Saturday, 20 October 2018 10:43


Written by  Priscilla K. Garatti

Disheartening statements came at me like bullets.  The words were not aimed directly at me.  The dark reports came from people I love and admire.  "I am constantly filled with self-doubt,"  he said.  "The workplace has become a jungle.  I feel left behind inside the competition.  Some of my colleagues take Adderall to stay energetic enough to keep up.  I've seriously thought about trying to get a prescription from my doctor."  Another person told me that she had made the brave decision to pursue a graduate degree.  In the process she said that a professor from the esteemed university advised her to abandon her entire portfolio and begin again.  The collection of her writing contained years of artistic efforts.  I became filled with anger at the censors that appear in peoples' lives--the criticism and expectation of perfectionism searing, burning.  How do we cope?  What brings relief?

On a walk I listened to an artist performing a piano improvisation.  I felt captivated by his abiity to create a piece wholly beautiful with no sheet music.  The notes flew from his fingers.  I stopped to look at the video of him playing and noticed that he had a look of joy on his face, his strong hands agile, his body at times leaning into the rhythms and flowing chords he produced.  As I continued to listen, I thought how God is like the master improvisationalist on the keyboard of our lives.  He understands that we get hurt by the censors in our lives.  He knows the pain the caustic remarks can bring. He knows that we can get stuck when the voices of darkness become too loud.  I believe He might say something like,  "No striving necessary.  Let me sit down at the keyboard and improvise.  I know you by name.  I'm aware of the stressors you face.  I hate the toxicity too.  Be encouraged.  I have the ability to bring all of the musicality of your life to the surface.  Trust me.  Your song is not determined by the censors.  Your theme music is determined by my goodness, my wisdom, my favor and my grace toward you.  Let me make you joyful.  Receive my creativity for your life.   The awareness of your brilliant song will make you dance again."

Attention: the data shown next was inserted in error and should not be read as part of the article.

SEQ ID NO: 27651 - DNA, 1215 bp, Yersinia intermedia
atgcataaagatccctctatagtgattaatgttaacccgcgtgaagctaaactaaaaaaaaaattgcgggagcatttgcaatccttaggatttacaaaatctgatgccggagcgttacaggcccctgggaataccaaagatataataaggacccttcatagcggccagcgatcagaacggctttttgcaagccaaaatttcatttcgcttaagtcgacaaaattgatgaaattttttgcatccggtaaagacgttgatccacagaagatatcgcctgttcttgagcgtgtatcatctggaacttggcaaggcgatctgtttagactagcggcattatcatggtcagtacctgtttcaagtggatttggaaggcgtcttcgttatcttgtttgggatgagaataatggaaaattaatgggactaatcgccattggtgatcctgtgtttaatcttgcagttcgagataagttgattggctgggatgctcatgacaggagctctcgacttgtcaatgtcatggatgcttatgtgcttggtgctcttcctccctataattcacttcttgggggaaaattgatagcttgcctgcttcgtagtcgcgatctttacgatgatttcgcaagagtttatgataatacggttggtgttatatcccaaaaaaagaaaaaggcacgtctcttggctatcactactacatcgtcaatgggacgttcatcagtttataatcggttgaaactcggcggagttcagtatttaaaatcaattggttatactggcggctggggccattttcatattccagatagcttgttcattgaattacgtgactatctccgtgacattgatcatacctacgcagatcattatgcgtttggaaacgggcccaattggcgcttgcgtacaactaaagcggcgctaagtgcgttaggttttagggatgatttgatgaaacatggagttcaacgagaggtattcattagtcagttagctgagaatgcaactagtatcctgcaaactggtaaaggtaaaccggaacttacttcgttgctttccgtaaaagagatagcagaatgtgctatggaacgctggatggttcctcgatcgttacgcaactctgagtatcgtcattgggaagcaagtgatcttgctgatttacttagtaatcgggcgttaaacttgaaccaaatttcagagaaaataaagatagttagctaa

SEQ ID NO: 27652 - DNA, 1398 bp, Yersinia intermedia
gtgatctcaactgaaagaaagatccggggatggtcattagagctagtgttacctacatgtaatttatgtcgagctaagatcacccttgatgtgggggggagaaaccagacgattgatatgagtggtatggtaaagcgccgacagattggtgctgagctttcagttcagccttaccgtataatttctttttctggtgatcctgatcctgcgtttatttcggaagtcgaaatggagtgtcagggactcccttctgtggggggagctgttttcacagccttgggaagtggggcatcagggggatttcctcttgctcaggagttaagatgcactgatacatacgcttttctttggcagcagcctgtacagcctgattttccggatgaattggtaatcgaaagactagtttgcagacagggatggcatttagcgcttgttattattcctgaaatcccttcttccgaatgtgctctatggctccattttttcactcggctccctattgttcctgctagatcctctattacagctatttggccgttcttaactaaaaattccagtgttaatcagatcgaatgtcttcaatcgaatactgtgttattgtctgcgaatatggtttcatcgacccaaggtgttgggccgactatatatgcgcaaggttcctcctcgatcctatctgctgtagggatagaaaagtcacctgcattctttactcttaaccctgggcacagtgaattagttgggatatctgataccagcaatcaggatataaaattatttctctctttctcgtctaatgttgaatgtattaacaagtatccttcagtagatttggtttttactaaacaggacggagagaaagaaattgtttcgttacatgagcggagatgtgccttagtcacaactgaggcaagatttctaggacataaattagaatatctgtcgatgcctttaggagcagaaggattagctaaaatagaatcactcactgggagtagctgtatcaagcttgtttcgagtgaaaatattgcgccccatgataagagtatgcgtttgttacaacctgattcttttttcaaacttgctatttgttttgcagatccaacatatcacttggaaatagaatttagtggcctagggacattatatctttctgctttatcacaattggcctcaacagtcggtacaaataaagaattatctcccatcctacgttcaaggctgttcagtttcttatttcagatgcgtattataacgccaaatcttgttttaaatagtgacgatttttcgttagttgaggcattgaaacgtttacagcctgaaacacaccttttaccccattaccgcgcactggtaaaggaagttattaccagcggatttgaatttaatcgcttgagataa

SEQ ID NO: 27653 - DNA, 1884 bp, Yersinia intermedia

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What Readers Are Saying

In Missing God Priscilla takes a brave and unflinching look at grief and the myriad ways in which it isolates one person from another. The characters are full-bodied and the writing is mesmerizing. Best of all, there is ample room for hope to break through. This is a must read.

Beth Webb-Hart (author of Grace At Lowtide)

winner"On A Clear Blue Day" won an "Enduring Light" Bronze medal in the 2017 Illumination Book Awards.

winnerAn excerpt from Missing God won as an Honorable Mention Finalist in Glimmertrain’s short story “Family Matters” contest in April 2010.